Hui sensed trouble when he saw that trainer Mike Maker was
calling two weeks before his 7-year-old gelding was scheduled to compete in the
$4 million Breeders’ Cup Turf at Keeneland. If there had to be a problem with
any of the horses Maker trains for him, he remembers wishing it would be anyone
other than Zulu Alpha.
His worst fears were quickly realized.
"You could have heard a pin drop when I answered it,” Hui said, “because he didn’t speak for a few seconds.”
The news was not very bad; the timing was horrendous.
Maker had arrived at the barn that morning to find slight swelling above Zulu Alpha’s left front ankle, the result of a small bruise. “You can speculate that he bumped it somewhere,” the owner said.
In an instant, a horse that had been remarkably sound since Hui (pronounced “hoy”) claimed him for $80,000 at Churchill Downs in September 2018 would not be able to dance the biggest dance. The Street Cry gelding had finished fourth in the 2019 Breeders’ Cup Turf at Santa Anita, beaten by just 1 3/4 lengths. More had been expected this time around.
“He was ready. He was kind of a horse for that course,” Hui said. “I was confident we were going to improve on our fourth-place finish the previous year, Europeans or no Europeans. It was in Mike Maker’s back yard.”
Zulu Alpha already had excelled at Keeneland, winning the July 12 Elkhorn Stakes (G2) at the Turf distance of 1 1/2 miles. Although Maker still found a way to win a Breeders’ Cup race when long shot Fire At Will scored in the Juvenile Turf, the European contingent capitalized on Zulu Alpha’s sudden absence with the one-two finish of Tarnawa and Magical in the Turf.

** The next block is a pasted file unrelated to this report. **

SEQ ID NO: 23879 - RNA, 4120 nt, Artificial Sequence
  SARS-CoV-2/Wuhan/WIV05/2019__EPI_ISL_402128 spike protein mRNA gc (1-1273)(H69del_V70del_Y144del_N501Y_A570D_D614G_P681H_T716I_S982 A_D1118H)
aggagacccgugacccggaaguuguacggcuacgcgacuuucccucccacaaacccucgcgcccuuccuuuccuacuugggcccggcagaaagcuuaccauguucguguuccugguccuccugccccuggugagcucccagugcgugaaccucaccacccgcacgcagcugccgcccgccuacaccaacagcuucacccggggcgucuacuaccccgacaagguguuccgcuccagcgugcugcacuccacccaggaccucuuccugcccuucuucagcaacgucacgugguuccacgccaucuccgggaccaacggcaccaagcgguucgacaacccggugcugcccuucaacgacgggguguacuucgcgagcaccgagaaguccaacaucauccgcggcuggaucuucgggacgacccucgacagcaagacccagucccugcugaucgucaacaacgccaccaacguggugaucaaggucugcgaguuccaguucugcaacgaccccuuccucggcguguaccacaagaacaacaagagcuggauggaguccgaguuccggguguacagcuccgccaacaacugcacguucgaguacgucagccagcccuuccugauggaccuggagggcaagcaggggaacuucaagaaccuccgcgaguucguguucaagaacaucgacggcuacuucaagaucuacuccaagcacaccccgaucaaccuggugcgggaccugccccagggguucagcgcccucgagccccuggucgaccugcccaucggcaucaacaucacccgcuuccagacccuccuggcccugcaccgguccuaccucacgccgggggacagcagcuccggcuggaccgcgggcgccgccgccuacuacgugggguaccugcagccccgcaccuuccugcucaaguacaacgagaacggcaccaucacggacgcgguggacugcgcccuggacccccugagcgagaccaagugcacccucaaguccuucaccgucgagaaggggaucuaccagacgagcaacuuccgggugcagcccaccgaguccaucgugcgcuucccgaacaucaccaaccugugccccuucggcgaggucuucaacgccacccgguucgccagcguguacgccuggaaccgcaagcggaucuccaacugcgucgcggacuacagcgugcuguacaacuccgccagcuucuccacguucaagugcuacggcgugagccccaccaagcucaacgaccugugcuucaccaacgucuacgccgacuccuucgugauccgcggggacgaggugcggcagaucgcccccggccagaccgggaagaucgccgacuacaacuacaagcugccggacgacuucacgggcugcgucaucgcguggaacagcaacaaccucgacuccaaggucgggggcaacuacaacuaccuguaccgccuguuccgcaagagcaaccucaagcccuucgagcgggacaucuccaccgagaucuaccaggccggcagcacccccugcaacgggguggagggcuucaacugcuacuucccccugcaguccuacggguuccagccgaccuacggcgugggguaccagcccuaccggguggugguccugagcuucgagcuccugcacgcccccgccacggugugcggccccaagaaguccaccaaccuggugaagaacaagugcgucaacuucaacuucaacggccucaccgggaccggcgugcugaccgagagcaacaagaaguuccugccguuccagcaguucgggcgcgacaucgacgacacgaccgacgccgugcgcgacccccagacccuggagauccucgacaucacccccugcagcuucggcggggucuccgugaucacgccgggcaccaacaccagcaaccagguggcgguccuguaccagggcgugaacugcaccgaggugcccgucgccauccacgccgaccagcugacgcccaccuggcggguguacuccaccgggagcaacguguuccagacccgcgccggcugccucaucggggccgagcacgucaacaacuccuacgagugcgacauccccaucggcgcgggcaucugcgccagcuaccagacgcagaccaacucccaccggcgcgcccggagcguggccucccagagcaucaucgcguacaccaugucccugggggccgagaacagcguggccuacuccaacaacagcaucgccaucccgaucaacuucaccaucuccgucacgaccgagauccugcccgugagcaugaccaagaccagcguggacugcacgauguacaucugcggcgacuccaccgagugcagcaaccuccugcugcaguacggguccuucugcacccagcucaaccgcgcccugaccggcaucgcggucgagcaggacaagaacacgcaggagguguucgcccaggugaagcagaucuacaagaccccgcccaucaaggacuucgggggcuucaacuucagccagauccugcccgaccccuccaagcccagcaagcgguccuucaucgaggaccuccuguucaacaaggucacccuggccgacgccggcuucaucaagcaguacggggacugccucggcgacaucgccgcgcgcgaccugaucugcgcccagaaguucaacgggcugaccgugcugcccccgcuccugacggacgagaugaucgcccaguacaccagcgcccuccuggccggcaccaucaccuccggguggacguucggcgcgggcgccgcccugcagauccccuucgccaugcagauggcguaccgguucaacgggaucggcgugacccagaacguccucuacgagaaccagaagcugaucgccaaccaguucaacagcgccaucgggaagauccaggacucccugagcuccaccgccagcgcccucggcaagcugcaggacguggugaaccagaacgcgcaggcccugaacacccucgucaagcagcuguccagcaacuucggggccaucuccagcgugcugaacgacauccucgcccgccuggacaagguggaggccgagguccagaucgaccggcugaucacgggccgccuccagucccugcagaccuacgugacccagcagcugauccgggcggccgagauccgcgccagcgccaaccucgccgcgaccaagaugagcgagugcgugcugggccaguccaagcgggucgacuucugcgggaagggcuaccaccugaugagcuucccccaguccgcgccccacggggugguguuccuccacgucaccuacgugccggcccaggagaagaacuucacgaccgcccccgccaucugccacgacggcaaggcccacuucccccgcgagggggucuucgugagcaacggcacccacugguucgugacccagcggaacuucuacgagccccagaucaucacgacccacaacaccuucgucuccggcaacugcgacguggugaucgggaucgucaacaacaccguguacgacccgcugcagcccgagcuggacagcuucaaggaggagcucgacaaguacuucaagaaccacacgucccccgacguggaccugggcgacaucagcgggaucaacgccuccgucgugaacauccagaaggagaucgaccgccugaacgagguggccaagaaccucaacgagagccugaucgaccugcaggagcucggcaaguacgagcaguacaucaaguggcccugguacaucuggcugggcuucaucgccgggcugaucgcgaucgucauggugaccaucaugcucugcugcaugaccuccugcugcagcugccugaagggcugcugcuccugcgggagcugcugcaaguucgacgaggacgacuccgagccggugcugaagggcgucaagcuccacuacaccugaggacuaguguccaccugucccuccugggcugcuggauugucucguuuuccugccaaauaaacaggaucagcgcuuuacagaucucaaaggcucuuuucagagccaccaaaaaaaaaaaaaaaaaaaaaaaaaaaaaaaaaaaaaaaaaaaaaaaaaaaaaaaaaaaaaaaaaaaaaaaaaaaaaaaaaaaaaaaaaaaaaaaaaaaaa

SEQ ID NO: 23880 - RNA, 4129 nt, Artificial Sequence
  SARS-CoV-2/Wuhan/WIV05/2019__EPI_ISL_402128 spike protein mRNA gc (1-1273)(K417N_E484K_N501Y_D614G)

Zulu Alpha’s injury requires nothing more than rest to heal. He is getting that before he is expected to be reunited with Maker in South Florida in the second week of December to begin preparations for the $1 million Pegasus Turf on Jan. 23 at Gulfstream Park.
The son of seven-time graded-stakes winner Street Cry used the Pegasus to provide Hui with his first Grade 1 triumph last January. That served as a springboard to a season in which he also won the Feb. 29 Mac Diarmida (G2) at Gulfstream before placing second there in the March 28 Pan American Stakes (G2).
He rebounded from that disappointment by winning the Elkhorn before encountering extreme conditions that were not to his liking in the Sept. 12 Kentucky Turf Cup Stakes (G3) at Kentucky Downs. The connections considered scratching because of a torrential downpour that led to the course being labeled soft.
“It was a monsoon, but I’ve never seen a turf course deteriorate that quickly,” said Hui, who is from Little Rock, Ark. Zulu Alpha did well to salvage third for regular rider Tyler Gaffalione.
There is every reason to believe Zulu Alpha will be formidable as he looks to defend his title in the Pegasus Turf. He excelled after a similar layoff last year and relishes the going on Gulfstream Park’s lawn, winning four of six races on that course.
Few rivals can match his résumé. He owns 12 victories in 35 career starts with five runner-up finishes and six third-place efforts for $2,260,114 in earnings.
Hui envisions a similar schedule for Zulu Alpha in 2021 and looks forward to the year with considerable optimism. He emphasized, however, that he will not persevere if the horse should show signs of decline as an 8-year-old.
“If he’s not competitive in graded stakes, he’s going to be retired,” he said. “He’s taken very good care of us. We’re going to take very good care of him.”